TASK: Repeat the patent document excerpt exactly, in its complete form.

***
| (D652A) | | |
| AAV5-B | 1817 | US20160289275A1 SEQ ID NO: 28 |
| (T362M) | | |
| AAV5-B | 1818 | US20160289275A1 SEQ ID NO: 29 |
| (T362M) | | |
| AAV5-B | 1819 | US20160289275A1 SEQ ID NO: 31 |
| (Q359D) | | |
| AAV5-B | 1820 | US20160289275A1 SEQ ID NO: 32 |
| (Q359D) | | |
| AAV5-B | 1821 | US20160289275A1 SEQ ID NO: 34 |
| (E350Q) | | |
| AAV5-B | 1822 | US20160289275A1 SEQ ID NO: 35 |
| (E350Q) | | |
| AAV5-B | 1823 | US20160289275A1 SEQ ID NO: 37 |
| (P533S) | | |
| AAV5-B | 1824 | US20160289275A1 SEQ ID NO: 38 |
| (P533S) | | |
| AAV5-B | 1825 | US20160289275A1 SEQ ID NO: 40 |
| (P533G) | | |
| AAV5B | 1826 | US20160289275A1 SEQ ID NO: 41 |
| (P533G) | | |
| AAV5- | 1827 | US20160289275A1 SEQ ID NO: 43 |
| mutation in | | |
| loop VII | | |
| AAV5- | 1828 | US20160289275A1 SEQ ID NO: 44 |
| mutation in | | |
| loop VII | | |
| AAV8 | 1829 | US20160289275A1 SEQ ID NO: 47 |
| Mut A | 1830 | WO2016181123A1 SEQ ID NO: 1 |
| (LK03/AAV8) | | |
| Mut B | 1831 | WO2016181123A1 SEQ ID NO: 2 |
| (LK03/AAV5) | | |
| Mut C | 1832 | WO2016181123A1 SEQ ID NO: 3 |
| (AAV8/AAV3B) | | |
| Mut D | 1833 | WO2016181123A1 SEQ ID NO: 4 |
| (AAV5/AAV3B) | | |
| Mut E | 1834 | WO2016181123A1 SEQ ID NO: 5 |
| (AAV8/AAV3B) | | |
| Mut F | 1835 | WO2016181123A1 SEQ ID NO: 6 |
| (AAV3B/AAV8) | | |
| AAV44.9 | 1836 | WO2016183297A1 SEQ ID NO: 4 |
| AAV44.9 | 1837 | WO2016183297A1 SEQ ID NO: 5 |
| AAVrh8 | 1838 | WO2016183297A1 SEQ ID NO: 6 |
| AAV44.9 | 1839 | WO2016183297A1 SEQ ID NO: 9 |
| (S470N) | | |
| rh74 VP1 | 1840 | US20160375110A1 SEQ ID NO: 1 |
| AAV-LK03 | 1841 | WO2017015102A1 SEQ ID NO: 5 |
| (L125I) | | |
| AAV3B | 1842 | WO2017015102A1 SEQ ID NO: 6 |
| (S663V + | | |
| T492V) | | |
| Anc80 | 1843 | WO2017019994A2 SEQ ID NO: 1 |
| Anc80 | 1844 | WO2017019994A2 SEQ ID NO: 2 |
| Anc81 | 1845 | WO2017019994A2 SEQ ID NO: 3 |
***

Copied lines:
| (D652A) | | |
| AAV5-B | 1817 | US20160289275A1 SEQ ID NO: 28 |
| (T362M) | | |
| AAV5-B | 1818 | US20160289275A1 SEQ ID NO: 29 |
| (T362M) | | |
| AAV5-B | 1819 | US20160289275A1 SEQ ID NO: 31 |
| (Q359D) | | |
| AAV5-B | 1820 | US20160289275A1 SEQ ID NO: 32 |
| (Q359D) | | |
| AAV5-B | 1821 | US20160289275A1 SEQ ID NO: 34 |
| (E350Q) | | |
| AAV5-B | 1822 | US20160289275A1 SEQ ID NO: 35 |
| (E350Q) | | |
| AAV5-B | 1823 | US20160289275A1 SEQ ID NO: 37 |
| (P533S) | | |
| AAV5-B | 1824 | US20160289275A1 SEQ ID NO: 38 |
| (P533S) | | |
| AAV5-B | 1825 | US20160289275A1 SEQ ID NO: 40 |
| (P533G) | | |
| AAV5B | 1826 | US20160289275A1 SEQ ID NO: 41 |
| (P533G) | | |
| AAV5- | 1827 | US20160289275A1 SEQ ID NO: 43 |
| mutation in | | |
| loop VII | | |
| AAV5- | 1828 | US20160289275A1 SEQ ID NO: 44 |
| mutation in | | |
| loop VII | | |
| AAV8 | 1829 | US20160289275A1 SEQ ID NO: 47 |
| Mut A | 1830 | WO2016181123A1 SEQ ID NO: 1 |
| (LK03/AAV8) | | |
| Mut B | 1831 | WO2016181123A1 SEQ ID NO: 2 |
| (LK03/AAV5) | | |
| Mut C | 1832 | WO2016181123A1 SEQ ID NO: 3 |
| (AAV8/AAV3B) | | |
| Mut D | 1833 | WO2016181123A1 SEQ ID NO: 4 |
| (AAV5/AAV3B) | | |
| Mut E | 1834 | WO2016181123A1 SEQ ID NO: 5 |
| (AAV8/AAV3B) | | |
| Mut F | 1835 | WO2016181123A1 SEQ ID NO: 6 |
| (AAV3B/AAV8) | | |
| AAV44.9 | 1836 | WO2016183297A1 SEQ ID NO: 4 |
| AAV44.9 | 1837 | WO2016183297A1 SEQ ID NO: 5 |
| AAVrh8 | 1838 | WO2016183297A1 SEQ ID NO: 6 |
| AAV44.9 | 1839 | WO2016183297A1 SEQ ID NO: 9 |
| (S470N) | | |
| rh74 VP1 | 1840 | US20160375110A1 SEQ ID NO: 1 |
| AAV-LK03 | 1841 | WO2017015102A1 SEQ ID NO: 5 |
| (L125I) | | |
| AAV3B | 1842 | WO2017015102A1 SEQ ID NO: 6 |
| (S663V + | | |
| T492V) | | |
| Anc80 | 1843 | WO2017019994A2 SEQ ID NO: 1 |
| Anc80 | 1844 | WO2017019994A2 SEQ ID NO: 2 |
| Anc81 | 1845 | WO2017019994A2 SEQ ID NO: 3 |